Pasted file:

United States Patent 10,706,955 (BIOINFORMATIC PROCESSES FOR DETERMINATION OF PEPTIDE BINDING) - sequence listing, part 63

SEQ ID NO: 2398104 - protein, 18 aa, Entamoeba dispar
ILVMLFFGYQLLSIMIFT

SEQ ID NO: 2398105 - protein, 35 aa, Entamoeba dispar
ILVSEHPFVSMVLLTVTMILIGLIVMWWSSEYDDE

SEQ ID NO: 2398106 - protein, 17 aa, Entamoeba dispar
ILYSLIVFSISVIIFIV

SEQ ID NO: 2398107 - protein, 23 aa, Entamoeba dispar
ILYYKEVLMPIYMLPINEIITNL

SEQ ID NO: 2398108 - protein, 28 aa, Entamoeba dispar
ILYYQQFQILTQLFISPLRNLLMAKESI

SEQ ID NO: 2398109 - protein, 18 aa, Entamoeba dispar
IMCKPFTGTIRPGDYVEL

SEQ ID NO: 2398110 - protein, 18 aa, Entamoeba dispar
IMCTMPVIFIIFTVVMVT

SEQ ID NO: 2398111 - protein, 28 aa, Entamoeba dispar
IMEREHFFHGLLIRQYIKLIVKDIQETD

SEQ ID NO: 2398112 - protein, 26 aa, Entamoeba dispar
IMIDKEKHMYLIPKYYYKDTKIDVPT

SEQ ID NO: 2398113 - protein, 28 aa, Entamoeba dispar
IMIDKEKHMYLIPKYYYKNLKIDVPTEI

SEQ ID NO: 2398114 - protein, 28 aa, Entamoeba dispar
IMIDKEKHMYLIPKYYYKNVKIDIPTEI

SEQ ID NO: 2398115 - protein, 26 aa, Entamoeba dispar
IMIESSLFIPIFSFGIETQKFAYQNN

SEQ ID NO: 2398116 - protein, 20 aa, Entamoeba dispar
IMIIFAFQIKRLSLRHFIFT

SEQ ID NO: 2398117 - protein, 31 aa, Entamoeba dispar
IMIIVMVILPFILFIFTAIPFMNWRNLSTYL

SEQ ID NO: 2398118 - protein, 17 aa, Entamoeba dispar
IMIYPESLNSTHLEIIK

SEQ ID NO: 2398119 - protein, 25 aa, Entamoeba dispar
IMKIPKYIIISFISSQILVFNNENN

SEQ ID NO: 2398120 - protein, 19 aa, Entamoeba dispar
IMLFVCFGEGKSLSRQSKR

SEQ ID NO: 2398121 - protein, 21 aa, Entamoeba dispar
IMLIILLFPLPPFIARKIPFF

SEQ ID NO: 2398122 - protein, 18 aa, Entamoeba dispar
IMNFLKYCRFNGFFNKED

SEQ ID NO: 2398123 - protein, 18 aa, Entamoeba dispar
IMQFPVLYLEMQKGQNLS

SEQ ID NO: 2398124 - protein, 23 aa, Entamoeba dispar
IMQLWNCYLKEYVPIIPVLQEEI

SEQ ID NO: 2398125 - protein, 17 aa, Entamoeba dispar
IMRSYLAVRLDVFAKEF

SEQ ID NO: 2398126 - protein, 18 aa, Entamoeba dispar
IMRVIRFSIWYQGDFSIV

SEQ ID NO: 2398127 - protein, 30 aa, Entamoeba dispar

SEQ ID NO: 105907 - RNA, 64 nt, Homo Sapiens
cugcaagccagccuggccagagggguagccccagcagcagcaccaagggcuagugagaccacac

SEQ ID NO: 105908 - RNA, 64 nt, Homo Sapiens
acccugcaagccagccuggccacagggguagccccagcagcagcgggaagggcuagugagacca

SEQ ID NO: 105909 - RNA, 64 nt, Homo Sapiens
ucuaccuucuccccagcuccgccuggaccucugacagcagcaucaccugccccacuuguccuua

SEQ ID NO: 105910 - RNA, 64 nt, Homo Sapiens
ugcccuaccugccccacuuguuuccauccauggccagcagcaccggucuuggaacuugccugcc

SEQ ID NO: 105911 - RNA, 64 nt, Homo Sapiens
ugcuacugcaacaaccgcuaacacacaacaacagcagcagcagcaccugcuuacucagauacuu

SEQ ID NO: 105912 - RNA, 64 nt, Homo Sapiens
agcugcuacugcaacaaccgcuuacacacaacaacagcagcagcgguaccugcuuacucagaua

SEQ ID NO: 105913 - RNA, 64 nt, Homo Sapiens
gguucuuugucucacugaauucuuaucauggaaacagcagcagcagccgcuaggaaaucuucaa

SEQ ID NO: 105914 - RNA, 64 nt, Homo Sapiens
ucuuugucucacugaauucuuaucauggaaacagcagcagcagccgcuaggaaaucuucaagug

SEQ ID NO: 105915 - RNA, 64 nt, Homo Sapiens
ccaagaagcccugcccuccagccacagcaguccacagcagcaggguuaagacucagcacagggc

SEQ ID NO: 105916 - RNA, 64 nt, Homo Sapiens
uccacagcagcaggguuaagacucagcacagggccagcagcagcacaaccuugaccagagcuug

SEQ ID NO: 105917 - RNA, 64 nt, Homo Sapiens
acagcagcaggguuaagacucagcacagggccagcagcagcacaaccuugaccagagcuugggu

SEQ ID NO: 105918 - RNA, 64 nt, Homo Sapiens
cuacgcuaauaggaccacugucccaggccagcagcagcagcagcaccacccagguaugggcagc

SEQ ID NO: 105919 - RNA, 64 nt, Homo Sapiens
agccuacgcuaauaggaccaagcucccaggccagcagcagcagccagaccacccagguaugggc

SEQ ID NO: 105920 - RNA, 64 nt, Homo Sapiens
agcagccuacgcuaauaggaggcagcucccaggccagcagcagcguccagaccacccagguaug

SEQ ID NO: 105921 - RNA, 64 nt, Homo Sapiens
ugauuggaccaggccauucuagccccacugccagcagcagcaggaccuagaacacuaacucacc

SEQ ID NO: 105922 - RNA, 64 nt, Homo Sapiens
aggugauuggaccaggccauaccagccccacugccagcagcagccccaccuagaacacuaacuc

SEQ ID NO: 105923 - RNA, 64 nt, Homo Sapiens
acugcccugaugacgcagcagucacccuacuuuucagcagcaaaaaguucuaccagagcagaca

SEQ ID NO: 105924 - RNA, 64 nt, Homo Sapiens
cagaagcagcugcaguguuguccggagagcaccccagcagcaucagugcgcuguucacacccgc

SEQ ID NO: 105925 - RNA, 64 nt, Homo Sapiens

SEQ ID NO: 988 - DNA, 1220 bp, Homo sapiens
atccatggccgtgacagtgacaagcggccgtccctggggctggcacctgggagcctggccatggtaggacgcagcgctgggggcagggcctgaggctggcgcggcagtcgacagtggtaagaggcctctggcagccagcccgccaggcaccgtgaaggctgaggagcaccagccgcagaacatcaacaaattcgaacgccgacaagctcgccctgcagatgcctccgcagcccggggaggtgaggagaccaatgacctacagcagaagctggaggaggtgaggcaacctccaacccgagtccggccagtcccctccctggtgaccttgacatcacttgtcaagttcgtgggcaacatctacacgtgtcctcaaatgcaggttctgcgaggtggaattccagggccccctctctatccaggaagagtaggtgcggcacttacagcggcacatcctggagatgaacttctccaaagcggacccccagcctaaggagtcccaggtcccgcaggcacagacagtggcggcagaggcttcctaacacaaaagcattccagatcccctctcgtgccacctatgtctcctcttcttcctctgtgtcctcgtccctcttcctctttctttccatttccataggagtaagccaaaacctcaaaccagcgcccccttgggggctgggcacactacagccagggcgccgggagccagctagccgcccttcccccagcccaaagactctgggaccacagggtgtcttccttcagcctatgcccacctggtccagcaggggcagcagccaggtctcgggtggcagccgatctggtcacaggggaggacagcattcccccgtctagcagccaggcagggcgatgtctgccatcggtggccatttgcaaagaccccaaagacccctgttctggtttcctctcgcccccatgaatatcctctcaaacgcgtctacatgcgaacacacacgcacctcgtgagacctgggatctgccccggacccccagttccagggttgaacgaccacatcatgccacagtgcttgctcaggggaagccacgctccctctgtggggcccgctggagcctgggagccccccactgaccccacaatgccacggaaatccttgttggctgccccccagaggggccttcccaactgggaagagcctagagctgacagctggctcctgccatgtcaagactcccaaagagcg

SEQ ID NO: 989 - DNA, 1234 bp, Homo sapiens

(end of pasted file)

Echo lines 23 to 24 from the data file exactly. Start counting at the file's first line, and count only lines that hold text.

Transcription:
IMIDKEKHMYLIPKYYYKNVKIDIPTEI

SEQ ID NO: 2398115 - protein, 26 aa, Entamoeba dispar